Human Microbiome and HIV/AIDS
The Science of HIV (AL Landay, Section Editor)
First Online: 23 December 2011 DOI:
Cite this article as: Saxena, D., Li, Y., Yang, L. et al. Curr HIV/AIDS Rep (2012) 9: 44. doi:10.1007/s11904-011-0103-7 Abstract
Understanding of the human microbiome continues to grow rapidly; however, reports on changes in the microbiome after HIV infection are still limited. This review surveys the progress made in methodology associated with microbiome studies and highlights the remaining challenges to this field. Studies have shown that commensal oral, gut, vaginal, and penile bacteria are vital to the health of the human immune system. Our studies on crosstalk among oral and gastrointestinal soluble innate factors, HIV, and microbes indicated that the oral and gut microbiome was altered in the HIV-positive samples compared to the negative controls. The importance of understanding the bacterial component of HIV/AIDS, and likelihood of “crosstalk” between viral and bacterial pathogens, will help in understanding the role of the microbiome in HIV-infected individuals and facilitate identification of novel antiretroviral factors for use as novel diagnostics, microbicides, or therapeutics against HIV infection.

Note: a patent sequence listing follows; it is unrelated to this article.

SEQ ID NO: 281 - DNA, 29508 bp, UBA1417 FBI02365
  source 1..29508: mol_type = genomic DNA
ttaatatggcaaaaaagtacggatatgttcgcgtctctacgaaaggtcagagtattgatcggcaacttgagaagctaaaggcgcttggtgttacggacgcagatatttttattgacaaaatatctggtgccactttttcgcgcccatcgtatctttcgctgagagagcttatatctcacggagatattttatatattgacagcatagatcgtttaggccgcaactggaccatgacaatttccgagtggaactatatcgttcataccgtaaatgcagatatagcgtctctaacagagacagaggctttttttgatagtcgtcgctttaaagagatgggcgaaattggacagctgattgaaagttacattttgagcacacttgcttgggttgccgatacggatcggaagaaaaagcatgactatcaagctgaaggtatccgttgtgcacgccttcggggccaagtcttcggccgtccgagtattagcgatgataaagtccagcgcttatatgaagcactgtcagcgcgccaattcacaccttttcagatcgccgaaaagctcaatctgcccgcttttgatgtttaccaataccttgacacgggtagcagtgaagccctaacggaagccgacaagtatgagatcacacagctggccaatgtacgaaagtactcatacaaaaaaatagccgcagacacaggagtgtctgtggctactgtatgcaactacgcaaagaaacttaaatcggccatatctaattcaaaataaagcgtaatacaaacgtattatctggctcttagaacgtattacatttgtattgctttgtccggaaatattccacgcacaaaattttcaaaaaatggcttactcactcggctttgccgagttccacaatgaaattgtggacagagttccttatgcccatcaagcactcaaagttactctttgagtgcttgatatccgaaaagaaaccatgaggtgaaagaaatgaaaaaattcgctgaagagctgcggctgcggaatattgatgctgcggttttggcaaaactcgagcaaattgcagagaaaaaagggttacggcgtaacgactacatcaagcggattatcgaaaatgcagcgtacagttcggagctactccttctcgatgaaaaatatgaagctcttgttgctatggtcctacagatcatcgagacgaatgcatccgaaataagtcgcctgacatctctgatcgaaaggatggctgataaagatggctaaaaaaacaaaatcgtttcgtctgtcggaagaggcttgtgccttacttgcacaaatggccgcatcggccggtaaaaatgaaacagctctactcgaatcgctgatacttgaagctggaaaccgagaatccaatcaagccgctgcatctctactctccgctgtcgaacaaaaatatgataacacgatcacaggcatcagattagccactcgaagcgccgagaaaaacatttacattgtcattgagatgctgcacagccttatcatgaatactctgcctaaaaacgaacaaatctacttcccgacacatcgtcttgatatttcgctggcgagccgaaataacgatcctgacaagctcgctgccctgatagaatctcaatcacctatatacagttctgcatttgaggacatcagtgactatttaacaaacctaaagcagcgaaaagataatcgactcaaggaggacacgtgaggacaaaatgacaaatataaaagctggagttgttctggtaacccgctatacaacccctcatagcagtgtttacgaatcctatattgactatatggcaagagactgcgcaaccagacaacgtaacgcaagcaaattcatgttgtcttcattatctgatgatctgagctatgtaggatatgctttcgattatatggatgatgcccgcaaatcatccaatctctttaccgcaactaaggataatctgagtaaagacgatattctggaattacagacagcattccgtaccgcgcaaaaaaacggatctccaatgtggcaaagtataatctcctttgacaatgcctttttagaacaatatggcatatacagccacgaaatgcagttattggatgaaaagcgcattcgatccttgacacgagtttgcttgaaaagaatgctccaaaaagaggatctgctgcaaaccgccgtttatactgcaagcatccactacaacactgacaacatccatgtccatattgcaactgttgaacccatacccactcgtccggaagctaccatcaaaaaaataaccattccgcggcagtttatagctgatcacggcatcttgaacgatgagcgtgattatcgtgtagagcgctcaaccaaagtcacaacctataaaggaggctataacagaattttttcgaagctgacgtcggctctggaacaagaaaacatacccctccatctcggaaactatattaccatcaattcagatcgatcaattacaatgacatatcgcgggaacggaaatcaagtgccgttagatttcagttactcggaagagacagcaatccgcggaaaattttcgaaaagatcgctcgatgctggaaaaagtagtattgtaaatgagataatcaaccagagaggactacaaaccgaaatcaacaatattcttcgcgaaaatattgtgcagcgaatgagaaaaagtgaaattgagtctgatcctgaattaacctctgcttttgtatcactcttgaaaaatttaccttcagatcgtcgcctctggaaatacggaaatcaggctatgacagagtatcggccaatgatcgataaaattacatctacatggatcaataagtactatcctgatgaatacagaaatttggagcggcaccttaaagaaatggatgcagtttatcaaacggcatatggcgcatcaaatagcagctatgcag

Keywords HIV Oral microbiome Oral manifestation Innate immunity 454 pyrosequencing Gut microbiome Highly Active Antiretroviral Therapy Crosstalk References Papers of particular interest, published recently, have been highlighted as: • Of importance •• Of major importance
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